Rashad Baker makes for a nice story: He has spent five seasons in the NFL in four cities and now comes home to Philadelphia to show what he can do. The Camden, N.J. native is one of those who-is-he? signings that maybe, just maybe, will pay off for the Eagles in 2009.
What the Eagles are doing at this point in free agency is looking for competition and depth for training camp. Baker is probably good enough to come and, if he assimilates to the system, make the team as a fourth safety, help on special teams and give the Eagles a good cover safety who has enough speed to run sideline to sideline. He came on last year for the Raiders, making a career-high three interceptions -- two against Jake Delhomme and Carolina and one in that big-to-the-Eagles victory over Jeff Garcia and Tampa Bay on the final Sunday of the regular season.
Baker lacks ideal size -- he is listed at 5 feet 10, 200 pounds -- but he is a low-risk signing at this point in free agency that adds another player with starter's experience to a safety group that lost Brian Dawkins and Sean Considine in free agency.
Here is the ESPN.com Insiders scouting report on Baker, so take it for what it's worth ...
"Baker has been a career backup over his five seasons in the league. He has average size for the position but possesses good speed, quickness and agility to be an effective safety. Baker is best in coverage in combination man and zone schemes; he has instincts and vision to make plays on the ball. He can be somewhat of a liability as a run-defender. Baker isn't physical to fill the alley. Baker was banged up much of the season -- missing six games in 2008 -- but he has value if used as a deep safety with coverage being his main responsibility."
And so there you go. Hometown kid comes home after starring at Tennessee, bouncing around the league and earning a rep and now he has a chance to play in front of his friends and family. Baker should be extremely motivated to win a job. He is someone to watch, obviously, in training camp.
The bigger question is not Baker, but the position itself and, really, the approach the Eagles are taking in free agency. They obviously had holes to fill as Dawkins and Considine left. The Eagles are creating a very competitive situation there, and they may not be done yet addressing the position. They have enough draft picks in April to select a prospect or two they like.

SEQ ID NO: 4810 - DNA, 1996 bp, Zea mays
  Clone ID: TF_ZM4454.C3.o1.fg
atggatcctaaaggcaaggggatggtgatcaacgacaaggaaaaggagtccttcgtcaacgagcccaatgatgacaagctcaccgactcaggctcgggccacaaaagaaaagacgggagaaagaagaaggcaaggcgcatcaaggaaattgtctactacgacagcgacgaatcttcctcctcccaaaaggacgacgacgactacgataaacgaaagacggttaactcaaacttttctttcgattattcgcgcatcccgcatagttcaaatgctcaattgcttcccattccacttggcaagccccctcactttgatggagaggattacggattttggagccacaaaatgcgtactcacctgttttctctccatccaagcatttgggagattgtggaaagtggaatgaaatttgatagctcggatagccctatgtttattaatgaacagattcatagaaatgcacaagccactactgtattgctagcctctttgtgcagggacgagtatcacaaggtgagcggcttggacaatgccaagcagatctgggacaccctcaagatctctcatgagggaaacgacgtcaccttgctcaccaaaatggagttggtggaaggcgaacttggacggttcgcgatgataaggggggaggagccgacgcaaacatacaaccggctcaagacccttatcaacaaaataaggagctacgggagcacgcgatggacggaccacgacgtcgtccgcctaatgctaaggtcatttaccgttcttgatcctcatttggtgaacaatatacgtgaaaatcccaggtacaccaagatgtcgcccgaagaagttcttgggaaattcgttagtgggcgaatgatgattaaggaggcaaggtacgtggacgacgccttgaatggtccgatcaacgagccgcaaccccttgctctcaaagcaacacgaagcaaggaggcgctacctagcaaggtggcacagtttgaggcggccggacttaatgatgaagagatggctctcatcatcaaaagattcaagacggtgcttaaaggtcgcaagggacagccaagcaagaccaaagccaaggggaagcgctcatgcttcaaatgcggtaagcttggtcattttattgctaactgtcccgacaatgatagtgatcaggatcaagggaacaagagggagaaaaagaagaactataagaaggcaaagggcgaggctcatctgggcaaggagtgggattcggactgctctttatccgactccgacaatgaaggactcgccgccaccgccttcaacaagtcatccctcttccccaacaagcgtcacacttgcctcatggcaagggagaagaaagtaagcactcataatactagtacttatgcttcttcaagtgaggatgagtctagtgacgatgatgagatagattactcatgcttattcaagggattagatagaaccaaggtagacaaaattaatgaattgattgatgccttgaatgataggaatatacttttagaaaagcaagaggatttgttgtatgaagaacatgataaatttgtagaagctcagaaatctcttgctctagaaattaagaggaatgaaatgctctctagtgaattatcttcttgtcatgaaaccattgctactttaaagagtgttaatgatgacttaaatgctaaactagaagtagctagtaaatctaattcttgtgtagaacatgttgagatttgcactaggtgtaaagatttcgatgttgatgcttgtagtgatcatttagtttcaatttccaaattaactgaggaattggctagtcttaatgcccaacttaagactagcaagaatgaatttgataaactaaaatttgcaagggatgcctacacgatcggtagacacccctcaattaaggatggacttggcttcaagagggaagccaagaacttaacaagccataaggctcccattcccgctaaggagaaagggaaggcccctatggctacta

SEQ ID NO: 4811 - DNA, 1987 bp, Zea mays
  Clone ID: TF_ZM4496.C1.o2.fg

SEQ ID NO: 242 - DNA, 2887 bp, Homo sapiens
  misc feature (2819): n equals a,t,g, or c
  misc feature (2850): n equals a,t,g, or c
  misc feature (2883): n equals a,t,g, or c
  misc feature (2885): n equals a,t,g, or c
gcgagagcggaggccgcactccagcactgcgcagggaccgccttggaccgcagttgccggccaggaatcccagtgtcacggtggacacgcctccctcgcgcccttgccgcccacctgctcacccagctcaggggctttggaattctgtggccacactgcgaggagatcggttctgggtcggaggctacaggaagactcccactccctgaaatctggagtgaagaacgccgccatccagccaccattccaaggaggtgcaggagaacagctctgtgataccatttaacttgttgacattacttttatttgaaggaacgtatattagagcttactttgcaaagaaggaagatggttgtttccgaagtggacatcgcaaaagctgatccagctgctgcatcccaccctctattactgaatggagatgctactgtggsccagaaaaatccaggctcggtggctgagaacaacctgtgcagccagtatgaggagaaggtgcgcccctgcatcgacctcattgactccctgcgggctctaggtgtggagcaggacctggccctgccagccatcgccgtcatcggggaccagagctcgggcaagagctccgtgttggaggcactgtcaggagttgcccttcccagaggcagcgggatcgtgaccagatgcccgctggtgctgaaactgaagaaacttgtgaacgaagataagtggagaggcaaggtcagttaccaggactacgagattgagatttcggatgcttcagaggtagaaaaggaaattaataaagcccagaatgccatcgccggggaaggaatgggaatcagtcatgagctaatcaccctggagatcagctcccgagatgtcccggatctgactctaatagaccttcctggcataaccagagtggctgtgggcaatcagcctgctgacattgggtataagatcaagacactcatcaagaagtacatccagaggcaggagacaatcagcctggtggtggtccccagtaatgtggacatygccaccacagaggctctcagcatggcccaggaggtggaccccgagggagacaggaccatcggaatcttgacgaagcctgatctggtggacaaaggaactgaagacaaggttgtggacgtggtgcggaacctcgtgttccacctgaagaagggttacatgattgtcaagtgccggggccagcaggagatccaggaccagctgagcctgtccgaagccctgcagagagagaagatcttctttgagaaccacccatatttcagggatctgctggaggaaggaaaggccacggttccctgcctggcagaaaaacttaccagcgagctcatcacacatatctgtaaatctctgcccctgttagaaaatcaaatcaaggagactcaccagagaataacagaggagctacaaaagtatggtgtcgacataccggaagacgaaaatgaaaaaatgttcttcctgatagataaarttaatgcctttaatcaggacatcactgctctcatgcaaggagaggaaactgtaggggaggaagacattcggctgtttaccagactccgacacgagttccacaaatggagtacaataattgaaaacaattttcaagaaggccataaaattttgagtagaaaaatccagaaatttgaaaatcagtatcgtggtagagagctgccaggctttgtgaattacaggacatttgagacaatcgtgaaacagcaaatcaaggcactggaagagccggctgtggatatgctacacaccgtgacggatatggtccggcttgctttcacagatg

What the Eagles have now is options at safety. Plenty of them, it seems. Quintin Mikell is the one sure thing, an on-the-verge-of-the-Pro Bowl player who can start and play very well at either safety spot. Quintin Demps is a second-year player the Eagles are very high on, but they have assured themselves that they aren't pinning all of their hope on him. Demps has to make the jump that many players make in year one to year two in the NFL. He is very talented, yes, and a hard worker, yes, but he lacks starting experience in the NFL. If he makes the leap -- and they say that a player's most significant improvement in the NFL comes from year one to year two -- Demps is going to be an outstanding, productive player in this system.
If not, the Eagles have Sean Jones, signed last week to a one-year contract, and now they have Baker. Both players are veterans in the league. Both players are still young enough to have their best football in front of them. Both players should have ample motivation, playing with one-year contracts and the expectation that an uncapped year in the NFL could be out there in 2010.
There are no real givens with this group, outside of Mikell. But it is an interesting mix of players, of talented guys, of veterans who can help very much on special teams and of a second-year man with his entire career in front of him and a starting opportunity staring him in the face.
The Eagles aren't obligated all that much to either Jones or Baker, so both have to earn jobs with strong off-seasons and pre-season performances. That makes for an ideal situation for a coaching staff: There is great hunger at safety for some one player to re-establish himself as an elite NFL safety (Jones), for one player to find a more stable niche in the league (Baker) and for one player to show early in his big-league life that he can be a standout performer (Demps).
Watch for good battles at safety. If you are unsettled that the position is, well, unsettled, don't be. Jim Johnson and his excellent defensive coaching staff will have it all sorted out before September rolls around. Hopefully, it will be a difficult decision among a group of players who are performing well in the summer.
Nobody is making out Jones or Baker to be the final, permanent, no-doubt-about-it solutions, along with Demps. The Eagles could just as easily change the dynamic of the position by using a high draft pick in April on a safety. But what the Eagles have done is cover the position with depth and experience, and at the same time they have brought in highly-motivated players who have everything to play for.
Signing Baker kind of came out of nowhere. There was no ballyhooed visit and no army of media waiting to interview him. Instead, Baker signed and then met the media via a conference call. No matter. How he performs on the field determines how much impact this move will have, and the Eagles are going to find that out in due time as they make sure they have all of their bases covered at the safety positions.